Skip to main content

Thank you for visiting nature.com. You are using a browser version with limited support for CSS. To obtain the best experience, we recommend you use a more up to date browser (or turn off compatibility mode in Internet Explorer). In the meantime, to ensure continued support, we are displaying the site without styles and JavaScript.

Parallel selection on thermal physiology facilitates repeated adaptation of city lizards to urban heat islands

Abstract

Only recently have we begun to understand the ecological and evolutionary effects of urbanization on species, with studies revealing drastic impacts on community composition, gene flow, behaviour, morphology and physiology. However, our understanding of how adaptive evolution allows species to persist, and even thrive, in urban landscapes is still nascent. Here, we examine phenotypic, genomic and regulatory impacts of urbanization on a widespread lizard, the Puerto Rican crested anole (Anolis cristatellus). We find that urban lizards endure higher environmental temperatures and display greater heat tolerance than their forest counterparts. A single non-synonymous polymorphism within a protein synthesis gene (RARS) is associated with heat tolerance plasticity within urban heat islands and displays parallel signatures of selection in cities. Additionally, we identify groups of differentially expressed genes between habitats showing elevated genetic divergence in multiple urban–forest comparisons. These genes display evidence of adaptive regulatory evolution within cities and disproportionately cluster within regulatory modules associated with heat tolerance. This study provides evidence of temperature-mediated selection in urban heat islands with repeatable impacts on physiological evolution at multiple levels of biological hierarchy.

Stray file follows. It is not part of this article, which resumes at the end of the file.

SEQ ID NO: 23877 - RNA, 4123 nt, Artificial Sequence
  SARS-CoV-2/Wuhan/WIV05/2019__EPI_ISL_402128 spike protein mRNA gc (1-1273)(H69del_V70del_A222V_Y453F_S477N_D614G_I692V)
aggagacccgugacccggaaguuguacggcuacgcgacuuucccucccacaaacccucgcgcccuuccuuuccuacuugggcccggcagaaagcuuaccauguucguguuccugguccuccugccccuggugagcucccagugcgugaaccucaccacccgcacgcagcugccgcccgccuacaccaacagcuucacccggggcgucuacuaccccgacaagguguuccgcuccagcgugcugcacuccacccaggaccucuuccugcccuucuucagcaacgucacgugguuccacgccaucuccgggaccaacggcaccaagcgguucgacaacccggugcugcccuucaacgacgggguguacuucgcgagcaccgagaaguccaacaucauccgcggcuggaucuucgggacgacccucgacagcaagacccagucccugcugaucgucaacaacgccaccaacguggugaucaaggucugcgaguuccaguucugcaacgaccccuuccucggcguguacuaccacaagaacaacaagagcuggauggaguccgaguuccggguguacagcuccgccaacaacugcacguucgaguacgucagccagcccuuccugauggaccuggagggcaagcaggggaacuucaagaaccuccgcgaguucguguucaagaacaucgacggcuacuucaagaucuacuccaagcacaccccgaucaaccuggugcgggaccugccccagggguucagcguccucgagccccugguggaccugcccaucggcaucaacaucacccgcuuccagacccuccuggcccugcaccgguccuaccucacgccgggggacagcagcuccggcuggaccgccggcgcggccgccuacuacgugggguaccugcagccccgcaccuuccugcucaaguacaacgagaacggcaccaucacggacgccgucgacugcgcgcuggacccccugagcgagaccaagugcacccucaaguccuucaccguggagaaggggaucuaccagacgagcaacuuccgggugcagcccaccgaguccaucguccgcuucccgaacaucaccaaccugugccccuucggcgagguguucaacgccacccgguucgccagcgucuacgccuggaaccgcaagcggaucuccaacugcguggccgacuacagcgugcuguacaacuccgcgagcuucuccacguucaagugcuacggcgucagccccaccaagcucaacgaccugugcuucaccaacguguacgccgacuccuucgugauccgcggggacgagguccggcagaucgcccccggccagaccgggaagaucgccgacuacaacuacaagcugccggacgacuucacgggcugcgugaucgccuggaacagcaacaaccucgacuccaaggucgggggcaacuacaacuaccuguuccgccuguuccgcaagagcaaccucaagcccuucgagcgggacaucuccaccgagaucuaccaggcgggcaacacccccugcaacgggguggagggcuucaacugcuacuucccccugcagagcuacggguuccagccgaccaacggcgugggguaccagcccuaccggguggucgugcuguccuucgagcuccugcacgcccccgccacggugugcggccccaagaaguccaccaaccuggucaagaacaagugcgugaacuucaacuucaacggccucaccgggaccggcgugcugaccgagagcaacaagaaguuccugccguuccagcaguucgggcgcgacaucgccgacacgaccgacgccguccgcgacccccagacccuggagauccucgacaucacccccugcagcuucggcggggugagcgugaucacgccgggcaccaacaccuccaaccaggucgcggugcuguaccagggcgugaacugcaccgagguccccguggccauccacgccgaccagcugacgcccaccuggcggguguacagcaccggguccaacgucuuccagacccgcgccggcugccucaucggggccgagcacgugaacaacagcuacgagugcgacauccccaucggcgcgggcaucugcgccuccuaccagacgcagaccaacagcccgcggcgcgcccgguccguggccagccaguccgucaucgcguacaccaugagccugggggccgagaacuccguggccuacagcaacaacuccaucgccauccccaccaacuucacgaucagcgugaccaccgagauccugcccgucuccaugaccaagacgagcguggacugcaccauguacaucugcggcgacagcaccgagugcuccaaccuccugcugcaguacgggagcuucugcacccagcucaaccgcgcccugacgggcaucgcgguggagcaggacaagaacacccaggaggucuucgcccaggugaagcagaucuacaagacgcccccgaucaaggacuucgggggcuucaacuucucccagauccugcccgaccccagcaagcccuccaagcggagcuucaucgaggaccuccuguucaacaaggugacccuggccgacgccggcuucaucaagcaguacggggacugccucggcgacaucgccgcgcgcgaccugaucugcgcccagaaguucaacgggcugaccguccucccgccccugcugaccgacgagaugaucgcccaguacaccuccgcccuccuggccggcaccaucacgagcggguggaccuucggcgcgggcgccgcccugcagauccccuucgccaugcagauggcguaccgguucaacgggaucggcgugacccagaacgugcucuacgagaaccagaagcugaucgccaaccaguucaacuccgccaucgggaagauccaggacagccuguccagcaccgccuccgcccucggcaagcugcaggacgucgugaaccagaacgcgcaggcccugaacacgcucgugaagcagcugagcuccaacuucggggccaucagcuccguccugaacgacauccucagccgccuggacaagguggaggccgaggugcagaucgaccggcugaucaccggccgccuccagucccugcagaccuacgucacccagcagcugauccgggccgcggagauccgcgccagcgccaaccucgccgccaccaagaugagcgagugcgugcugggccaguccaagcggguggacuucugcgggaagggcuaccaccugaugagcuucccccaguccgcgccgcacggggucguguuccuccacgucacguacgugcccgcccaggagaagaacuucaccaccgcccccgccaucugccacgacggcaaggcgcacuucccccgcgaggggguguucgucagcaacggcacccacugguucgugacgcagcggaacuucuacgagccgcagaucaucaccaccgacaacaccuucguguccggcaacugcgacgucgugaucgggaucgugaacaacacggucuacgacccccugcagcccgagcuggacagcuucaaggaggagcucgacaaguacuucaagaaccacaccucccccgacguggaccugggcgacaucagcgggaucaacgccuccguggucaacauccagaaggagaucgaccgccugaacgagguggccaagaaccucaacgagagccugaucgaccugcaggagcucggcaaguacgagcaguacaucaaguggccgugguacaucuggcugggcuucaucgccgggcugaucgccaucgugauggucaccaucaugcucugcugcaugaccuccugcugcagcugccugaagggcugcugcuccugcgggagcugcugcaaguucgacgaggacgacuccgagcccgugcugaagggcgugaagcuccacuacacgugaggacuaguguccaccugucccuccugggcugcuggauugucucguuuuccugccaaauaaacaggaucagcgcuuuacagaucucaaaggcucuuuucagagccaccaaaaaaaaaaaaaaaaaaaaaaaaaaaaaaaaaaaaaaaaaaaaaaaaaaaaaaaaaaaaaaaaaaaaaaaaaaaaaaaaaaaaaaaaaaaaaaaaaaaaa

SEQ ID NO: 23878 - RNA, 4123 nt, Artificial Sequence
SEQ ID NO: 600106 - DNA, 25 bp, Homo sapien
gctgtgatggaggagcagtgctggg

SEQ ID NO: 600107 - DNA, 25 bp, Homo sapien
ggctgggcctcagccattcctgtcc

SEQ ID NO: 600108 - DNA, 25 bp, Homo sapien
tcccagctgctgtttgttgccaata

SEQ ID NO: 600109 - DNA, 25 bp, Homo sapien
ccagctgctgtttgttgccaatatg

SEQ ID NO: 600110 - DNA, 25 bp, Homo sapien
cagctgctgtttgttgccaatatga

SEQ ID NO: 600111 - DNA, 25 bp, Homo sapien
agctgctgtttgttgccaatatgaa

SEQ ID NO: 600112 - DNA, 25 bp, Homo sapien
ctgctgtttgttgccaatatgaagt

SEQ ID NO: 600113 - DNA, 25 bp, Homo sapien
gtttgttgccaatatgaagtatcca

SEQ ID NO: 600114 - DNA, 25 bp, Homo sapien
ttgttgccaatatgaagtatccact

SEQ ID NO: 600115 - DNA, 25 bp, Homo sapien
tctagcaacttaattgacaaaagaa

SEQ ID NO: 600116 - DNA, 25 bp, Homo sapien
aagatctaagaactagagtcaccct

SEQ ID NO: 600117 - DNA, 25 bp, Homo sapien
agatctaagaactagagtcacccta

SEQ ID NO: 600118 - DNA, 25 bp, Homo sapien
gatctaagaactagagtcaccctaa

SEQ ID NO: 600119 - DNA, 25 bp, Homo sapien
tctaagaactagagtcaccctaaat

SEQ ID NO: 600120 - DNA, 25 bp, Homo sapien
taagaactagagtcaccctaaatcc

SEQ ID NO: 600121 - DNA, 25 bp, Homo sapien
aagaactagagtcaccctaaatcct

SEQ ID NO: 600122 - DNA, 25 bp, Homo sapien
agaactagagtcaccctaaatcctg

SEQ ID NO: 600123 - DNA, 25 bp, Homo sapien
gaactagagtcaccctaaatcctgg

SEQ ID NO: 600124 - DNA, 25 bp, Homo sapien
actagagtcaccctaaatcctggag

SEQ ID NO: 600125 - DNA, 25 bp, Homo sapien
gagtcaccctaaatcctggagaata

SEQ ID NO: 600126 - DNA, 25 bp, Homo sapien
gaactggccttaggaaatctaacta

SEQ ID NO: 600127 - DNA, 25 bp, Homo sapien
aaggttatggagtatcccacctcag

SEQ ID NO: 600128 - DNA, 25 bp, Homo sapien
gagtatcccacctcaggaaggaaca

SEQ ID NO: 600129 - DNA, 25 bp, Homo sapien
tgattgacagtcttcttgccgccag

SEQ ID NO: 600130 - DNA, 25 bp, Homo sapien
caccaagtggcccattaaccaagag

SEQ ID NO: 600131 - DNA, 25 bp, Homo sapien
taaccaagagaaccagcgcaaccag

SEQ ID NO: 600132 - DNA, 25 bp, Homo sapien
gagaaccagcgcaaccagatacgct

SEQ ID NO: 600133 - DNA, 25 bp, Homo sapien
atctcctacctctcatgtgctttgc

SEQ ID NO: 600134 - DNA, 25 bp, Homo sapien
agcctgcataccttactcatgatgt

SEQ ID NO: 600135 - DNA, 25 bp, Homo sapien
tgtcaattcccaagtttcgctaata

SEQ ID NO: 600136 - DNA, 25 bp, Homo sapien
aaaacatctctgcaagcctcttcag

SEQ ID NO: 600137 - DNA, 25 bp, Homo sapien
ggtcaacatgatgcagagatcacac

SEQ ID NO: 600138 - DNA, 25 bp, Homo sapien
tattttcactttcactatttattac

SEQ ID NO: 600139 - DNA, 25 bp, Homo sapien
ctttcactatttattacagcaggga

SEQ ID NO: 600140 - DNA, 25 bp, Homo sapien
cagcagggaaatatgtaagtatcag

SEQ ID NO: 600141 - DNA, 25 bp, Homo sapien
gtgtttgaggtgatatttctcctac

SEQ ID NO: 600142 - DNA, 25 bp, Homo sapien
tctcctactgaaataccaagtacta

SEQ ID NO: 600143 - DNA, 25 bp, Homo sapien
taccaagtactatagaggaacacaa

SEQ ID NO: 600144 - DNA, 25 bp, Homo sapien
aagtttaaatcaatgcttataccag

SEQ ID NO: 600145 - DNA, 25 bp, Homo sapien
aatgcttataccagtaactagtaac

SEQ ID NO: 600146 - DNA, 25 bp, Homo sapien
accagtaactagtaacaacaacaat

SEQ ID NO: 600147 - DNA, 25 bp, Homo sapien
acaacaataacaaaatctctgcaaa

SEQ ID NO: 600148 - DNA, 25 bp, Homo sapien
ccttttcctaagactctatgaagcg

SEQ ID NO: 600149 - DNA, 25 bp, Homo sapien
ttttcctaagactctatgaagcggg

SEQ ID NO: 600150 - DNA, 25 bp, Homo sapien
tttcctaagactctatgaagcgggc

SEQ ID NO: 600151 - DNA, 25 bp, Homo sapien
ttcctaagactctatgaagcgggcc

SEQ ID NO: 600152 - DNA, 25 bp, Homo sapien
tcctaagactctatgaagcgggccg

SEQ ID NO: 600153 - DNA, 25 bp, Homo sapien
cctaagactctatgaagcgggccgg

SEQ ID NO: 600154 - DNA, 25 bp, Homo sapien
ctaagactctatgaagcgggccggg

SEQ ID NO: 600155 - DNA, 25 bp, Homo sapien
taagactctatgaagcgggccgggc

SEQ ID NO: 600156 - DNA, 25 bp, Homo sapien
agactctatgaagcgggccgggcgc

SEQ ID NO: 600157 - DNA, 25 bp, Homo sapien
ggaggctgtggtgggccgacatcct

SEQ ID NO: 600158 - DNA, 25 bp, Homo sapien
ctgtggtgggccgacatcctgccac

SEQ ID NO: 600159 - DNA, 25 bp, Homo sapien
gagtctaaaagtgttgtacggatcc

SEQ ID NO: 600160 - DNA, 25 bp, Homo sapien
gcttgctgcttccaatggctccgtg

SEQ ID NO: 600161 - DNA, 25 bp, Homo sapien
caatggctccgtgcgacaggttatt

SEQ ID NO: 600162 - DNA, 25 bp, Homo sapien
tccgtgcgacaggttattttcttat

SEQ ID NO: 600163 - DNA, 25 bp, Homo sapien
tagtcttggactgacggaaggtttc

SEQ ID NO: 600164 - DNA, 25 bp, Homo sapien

Access options

Rent or Buy article

Get time limited or full article access on ReadCube.

from$8.99

All prices are NET prices.

Fig. 1: Urban lizards experience higher temperatures and display great heat tolerance than their forest counterparts.